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Russia's Nuclear-Powered Icebreaker Escorts Up 54% in 2019

In 2019, nuclear-powered icebreakers escorted a total of 510 vessels along the Northern Sea Route. Yuri Smityuk / TASS

The number of ships escorted by Russian icebreakers along the Northern Sea Route increased by 54% between 2018 and 2019.

The increase in ship escorting is caused by an increase in LNG production on the Yamal Peninsula, Rosatomflot, the company managing Russia’s fleet of nuclear-powered icebreakers, said.

The 510 vessels that were escorted through the Arctic ice had a total gross tonnage of 30.29 million tons, Rosatomflot says. That is 54% more than it was in 2018 when 331 vessels with a total tonnage of 12,7 million tons were carried out through the area.

"It is connected with the full project capacity reached by the LNG production plant in Sabetta port," General Director at Atomflot Mustafa Kashka said.

Meanwhile, the total volume of goods shipped on the route in 2019 is still unknown. In mid-November 2019, Rosatom said that goods volumes had reached 26 million tons and that by the end of the year it was expected to reach 30 million tons.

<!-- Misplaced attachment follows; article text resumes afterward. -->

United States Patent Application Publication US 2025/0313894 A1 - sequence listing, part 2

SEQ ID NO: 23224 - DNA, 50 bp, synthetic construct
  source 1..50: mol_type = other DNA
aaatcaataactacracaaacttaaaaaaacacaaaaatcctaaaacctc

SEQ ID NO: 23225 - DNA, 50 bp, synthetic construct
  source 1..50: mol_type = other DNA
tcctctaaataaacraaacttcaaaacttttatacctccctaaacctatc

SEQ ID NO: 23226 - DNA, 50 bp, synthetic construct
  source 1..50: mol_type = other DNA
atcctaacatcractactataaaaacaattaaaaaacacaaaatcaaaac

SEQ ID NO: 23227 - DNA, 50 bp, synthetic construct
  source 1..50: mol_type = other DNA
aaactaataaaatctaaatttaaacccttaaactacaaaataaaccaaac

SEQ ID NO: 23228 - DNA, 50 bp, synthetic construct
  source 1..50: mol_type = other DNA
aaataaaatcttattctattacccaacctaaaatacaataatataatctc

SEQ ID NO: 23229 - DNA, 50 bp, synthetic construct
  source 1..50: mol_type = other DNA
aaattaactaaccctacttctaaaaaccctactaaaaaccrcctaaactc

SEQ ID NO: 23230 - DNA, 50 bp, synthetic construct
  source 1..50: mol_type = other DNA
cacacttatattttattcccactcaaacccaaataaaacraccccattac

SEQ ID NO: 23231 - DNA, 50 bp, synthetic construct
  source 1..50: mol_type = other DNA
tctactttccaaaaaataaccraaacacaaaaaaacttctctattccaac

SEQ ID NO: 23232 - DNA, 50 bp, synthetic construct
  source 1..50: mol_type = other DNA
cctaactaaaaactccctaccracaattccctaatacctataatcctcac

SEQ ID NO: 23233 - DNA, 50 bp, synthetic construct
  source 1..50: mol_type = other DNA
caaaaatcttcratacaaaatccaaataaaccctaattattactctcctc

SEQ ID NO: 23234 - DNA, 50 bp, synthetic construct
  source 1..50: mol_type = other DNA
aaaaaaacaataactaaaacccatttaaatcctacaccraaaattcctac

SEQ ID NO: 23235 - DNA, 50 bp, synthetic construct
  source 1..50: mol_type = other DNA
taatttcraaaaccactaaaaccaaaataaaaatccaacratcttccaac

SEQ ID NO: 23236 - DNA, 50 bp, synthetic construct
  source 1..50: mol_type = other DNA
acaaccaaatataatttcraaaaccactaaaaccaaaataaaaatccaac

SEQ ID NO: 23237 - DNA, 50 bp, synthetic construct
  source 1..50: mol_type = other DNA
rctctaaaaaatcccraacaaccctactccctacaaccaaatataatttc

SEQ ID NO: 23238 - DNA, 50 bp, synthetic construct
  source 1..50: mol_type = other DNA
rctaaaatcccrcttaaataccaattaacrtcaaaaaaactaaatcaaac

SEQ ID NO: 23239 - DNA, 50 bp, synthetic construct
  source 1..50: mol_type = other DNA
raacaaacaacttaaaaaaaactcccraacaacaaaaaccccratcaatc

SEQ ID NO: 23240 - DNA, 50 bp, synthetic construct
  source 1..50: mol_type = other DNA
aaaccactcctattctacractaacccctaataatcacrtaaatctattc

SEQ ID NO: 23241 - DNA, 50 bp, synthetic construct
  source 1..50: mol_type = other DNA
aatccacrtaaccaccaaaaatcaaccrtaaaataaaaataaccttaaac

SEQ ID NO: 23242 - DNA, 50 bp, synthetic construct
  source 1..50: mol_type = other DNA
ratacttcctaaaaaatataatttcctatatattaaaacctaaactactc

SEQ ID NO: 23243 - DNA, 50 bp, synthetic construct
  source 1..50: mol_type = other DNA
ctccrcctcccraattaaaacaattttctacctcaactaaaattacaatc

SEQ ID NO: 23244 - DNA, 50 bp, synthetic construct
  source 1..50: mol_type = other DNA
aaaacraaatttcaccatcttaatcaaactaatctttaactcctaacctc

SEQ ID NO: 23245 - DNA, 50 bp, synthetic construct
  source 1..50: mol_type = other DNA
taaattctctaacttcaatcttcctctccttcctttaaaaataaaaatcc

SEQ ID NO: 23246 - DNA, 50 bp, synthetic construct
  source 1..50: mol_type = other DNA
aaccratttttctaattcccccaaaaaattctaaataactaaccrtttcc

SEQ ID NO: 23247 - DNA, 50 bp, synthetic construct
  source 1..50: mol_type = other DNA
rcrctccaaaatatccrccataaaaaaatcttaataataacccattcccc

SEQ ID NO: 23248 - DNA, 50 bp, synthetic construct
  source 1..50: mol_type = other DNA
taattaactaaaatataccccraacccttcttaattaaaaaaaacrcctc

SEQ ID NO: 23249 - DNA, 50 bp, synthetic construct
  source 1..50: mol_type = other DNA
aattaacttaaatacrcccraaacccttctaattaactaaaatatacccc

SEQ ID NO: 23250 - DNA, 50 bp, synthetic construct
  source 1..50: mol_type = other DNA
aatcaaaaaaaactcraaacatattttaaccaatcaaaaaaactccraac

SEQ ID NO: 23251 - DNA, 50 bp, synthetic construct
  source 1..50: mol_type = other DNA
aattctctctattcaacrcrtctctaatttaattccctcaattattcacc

Today, Russia has a total of four nuclear-powered icebreakers and a nuclear-powered Sevmorputcontainer carrier in operation.

A new fleet of icebreaking vessels is in the process of construction. The vessels like LK-60 Arktika, Sibir and Ural are to be delivered in 2020, 2021 and 2022 respectively. In addition, two other LK-60 vessels and three Lidersicebreakers are to be built.

According to Russia’s new development plan for the Northern Sea Route, the first Lider will be ready for sailing in 2027.

The enhanced icebreaker capacity will help Russia to reach its target of 80 million tons of goods on the Arctic route in 2024. This number could reach 157 million tons in 2034, Natural Resources Minister Dmitry Kobylkin said

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